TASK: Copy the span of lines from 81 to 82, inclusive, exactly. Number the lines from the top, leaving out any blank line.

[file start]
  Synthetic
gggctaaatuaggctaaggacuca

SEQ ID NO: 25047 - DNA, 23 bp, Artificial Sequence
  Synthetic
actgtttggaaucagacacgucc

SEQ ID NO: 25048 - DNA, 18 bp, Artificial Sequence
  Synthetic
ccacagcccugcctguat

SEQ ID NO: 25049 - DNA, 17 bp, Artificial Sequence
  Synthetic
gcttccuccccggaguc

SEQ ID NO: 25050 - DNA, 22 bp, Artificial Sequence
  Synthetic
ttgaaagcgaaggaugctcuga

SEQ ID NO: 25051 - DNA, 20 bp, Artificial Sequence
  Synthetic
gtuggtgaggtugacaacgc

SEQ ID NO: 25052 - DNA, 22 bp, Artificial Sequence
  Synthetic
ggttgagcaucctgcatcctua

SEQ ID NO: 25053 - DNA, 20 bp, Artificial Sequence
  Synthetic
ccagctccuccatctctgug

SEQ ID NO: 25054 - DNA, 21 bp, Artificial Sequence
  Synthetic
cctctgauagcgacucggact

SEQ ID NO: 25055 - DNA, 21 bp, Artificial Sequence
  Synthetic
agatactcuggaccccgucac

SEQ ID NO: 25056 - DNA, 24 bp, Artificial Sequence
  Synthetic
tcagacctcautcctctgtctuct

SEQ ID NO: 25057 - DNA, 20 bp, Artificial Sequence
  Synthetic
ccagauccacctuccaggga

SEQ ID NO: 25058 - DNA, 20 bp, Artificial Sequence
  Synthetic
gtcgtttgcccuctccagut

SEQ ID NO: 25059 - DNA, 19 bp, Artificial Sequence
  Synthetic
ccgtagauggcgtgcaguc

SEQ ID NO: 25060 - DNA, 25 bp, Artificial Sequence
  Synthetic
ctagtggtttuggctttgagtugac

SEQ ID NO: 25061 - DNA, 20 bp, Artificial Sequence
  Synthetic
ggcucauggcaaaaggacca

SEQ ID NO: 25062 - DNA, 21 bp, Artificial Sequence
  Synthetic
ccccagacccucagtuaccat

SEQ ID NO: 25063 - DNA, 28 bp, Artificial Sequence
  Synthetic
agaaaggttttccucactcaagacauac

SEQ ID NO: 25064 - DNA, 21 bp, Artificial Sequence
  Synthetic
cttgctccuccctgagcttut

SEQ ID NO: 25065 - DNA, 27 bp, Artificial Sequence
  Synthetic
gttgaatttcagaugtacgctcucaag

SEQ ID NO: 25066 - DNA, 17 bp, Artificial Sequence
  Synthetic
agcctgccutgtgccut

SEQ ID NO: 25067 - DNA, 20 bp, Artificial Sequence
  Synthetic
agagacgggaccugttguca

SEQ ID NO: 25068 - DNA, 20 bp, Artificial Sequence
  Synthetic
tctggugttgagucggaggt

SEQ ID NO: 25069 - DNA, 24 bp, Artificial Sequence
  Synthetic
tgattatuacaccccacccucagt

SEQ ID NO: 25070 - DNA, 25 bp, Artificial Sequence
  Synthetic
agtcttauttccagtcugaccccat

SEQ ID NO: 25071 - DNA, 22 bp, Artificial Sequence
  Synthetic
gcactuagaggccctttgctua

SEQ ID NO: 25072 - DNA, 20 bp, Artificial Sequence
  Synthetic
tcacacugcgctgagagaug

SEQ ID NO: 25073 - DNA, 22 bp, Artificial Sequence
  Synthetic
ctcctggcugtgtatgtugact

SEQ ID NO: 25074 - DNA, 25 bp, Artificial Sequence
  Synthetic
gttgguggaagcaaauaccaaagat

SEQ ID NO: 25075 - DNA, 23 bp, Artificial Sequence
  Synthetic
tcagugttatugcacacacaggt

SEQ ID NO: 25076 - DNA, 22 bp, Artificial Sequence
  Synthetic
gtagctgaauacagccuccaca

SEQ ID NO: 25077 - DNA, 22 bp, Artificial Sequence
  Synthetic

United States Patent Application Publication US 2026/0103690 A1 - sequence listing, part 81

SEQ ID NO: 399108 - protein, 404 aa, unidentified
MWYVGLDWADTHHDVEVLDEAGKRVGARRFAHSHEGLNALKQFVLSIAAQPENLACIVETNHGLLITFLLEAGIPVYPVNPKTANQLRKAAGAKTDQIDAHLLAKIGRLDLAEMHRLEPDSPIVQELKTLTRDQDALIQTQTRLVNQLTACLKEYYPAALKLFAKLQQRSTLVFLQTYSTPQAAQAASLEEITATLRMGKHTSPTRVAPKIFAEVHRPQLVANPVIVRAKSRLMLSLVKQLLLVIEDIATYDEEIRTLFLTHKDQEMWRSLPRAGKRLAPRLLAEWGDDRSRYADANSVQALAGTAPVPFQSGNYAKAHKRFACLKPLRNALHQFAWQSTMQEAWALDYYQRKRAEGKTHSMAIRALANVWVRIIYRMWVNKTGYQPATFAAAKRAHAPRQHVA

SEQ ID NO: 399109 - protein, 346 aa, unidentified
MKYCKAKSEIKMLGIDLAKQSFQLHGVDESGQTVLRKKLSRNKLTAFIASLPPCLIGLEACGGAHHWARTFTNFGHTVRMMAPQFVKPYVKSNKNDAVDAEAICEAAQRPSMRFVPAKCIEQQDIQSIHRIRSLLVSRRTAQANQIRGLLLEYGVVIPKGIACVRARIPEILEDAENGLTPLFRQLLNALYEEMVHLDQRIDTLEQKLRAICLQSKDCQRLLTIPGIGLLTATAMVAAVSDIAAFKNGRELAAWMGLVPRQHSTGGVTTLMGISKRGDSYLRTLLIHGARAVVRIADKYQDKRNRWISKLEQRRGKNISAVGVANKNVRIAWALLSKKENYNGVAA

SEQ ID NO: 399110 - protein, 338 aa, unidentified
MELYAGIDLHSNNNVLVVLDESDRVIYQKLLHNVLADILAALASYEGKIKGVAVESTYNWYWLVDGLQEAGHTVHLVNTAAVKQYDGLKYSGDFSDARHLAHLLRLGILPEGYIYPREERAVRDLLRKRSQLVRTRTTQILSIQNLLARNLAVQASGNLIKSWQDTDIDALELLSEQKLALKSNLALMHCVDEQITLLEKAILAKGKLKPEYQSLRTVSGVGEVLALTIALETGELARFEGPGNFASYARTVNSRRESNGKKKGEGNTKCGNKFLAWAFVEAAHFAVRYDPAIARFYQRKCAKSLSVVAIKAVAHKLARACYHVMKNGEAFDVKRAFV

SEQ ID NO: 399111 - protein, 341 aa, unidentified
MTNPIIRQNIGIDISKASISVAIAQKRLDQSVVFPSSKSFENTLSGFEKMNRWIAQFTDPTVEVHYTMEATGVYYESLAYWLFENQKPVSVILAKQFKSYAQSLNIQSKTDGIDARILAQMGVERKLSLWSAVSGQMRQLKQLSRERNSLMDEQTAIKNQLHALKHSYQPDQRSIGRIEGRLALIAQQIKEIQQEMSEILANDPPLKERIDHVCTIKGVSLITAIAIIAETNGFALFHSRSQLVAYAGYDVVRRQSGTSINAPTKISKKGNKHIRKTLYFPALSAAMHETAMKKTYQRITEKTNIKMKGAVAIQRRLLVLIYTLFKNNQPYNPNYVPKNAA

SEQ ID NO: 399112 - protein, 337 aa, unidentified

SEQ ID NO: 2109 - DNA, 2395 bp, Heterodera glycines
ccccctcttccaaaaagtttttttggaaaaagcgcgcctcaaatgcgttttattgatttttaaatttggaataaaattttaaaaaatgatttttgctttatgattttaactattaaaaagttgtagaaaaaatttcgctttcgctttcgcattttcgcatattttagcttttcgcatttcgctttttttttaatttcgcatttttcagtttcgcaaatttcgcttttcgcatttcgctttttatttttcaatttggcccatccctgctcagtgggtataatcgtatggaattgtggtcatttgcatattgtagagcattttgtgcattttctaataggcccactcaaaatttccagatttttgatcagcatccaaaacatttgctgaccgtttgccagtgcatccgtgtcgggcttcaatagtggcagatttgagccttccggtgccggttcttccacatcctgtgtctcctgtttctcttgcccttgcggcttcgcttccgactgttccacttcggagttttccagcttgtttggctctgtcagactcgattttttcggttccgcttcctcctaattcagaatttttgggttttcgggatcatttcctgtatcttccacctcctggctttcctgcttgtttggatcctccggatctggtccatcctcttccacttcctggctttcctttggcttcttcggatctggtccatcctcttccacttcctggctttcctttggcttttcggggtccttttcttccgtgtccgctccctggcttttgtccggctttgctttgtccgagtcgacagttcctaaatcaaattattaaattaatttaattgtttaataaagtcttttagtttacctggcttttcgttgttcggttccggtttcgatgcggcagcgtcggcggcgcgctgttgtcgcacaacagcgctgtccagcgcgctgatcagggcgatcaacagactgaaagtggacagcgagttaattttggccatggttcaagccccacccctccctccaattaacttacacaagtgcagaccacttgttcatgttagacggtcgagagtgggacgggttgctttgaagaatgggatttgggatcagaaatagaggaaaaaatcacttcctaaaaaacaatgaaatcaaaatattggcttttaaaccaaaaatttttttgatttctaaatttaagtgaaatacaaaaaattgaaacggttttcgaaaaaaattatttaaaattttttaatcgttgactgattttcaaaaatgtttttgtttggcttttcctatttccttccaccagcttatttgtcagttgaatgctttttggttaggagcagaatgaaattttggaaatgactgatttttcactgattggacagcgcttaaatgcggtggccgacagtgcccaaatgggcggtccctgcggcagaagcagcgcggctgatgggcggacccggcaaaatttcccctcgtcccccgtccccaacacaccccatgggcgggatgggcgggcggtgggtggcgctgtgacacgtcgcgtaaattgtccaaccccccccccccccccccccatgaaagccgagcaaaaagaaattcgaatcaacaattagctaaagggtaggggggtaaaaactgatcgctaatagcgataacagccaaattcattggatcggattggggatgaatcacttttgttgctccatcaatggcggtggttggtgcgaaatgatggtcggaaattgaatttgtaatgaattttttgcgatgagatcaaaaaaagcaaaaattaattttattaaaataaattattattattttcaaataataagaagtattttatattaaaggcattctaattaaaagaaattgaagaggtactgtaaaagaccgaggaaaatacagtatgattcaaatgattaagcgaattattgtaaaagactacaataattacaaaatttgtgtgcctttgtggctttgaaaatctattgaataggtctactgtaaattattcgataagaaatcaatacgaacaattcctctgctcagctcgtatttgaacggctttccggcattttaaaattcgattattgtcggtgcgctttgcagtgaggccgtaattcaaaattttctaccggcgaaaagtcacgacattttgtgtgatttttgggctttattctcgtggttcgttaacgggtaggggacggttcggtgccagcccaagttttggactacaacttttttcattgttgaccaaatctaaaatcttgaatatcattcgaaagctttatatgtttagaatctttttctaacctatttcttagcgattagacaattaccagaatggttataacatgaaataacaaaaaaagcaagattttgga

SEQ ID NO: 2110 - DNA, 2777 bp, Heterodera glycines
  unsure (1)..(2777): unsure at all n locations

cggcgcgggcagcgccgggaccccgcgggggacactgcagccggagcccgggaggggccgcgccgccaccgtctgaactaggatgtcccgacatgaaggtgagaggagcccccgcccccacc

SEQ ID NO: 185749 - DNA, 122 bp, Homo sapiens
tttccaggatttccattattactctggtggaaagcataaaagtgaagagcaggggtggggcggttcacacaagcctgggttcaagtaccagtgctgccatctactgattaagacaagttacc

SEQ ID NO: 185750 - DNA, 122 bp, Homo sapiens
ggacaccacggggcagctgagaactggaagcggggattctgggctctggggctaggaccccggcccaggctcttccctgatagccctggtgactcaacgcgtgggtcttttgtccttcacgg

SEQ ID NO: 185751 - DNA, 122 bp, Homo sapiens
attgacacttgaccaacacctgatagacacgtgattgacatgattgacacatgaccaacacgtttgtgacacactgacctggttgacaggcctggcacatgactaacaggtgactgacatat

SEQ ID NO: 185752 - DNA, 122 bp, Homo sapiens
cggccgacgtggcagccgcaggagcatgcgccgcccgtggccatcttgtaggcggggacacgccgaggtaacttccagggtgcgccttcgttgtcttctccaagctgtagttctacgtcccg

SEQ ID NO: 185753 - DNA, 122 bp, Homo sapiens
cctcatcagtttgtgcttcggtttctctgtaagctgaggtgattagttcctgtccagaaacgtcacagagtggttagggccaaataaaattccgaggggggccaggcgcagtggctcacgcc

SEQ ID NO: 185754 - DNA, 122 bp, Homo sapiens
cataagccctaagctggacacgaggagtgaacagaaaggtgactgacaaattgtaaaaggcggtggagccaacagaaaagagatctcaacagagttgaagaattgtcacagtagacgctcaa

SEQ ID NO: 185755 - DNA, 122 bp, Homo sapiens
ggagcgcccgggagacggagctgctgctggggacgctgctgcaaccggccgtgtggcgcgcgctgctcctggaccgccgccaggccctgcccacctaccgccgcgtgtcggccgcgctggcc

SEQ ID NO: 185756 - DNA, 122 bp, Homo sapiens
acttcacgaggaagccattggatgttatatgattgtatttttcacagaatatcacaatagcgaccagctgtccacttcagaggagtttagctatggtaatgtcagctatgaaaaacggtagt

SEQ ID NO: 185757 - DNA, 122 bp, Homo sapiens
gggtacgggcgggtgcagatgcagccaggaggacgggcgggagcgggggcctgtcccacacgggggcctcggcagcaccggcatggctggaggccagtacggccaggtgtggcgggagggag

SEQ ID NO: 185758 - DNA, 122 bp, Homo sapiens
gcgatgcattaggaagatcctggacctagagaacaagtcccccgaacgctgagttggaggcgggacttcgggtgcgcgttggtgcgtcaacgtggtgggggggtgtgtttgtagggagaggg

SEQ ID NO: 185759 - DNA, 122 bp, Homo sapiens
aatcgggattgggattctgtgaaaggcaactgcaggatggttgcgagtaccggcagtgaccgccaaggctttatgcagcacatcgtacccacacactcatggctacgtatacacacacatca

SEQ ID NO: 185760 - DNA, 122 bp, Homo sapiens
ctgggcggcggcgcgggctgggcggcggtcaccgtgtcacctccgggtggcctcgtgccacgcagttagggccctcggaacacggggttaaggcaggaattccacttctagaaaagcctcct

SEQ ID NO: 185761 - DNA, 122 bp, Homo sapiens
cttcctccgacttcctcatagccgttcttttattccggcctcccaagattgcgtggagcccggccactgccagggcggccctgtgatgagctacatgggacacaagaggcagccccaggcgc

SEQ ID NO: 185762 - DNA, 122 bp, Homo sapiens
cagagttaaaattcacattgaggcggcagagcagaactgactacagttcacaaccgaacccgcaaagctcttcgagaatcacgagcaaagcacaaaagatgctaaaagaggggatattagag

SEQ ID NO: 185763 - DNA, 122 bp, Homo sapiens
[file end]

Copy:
SEQ ID NO: 25073 - DNA, 22 bp, Artificial Sequence
  Synthetic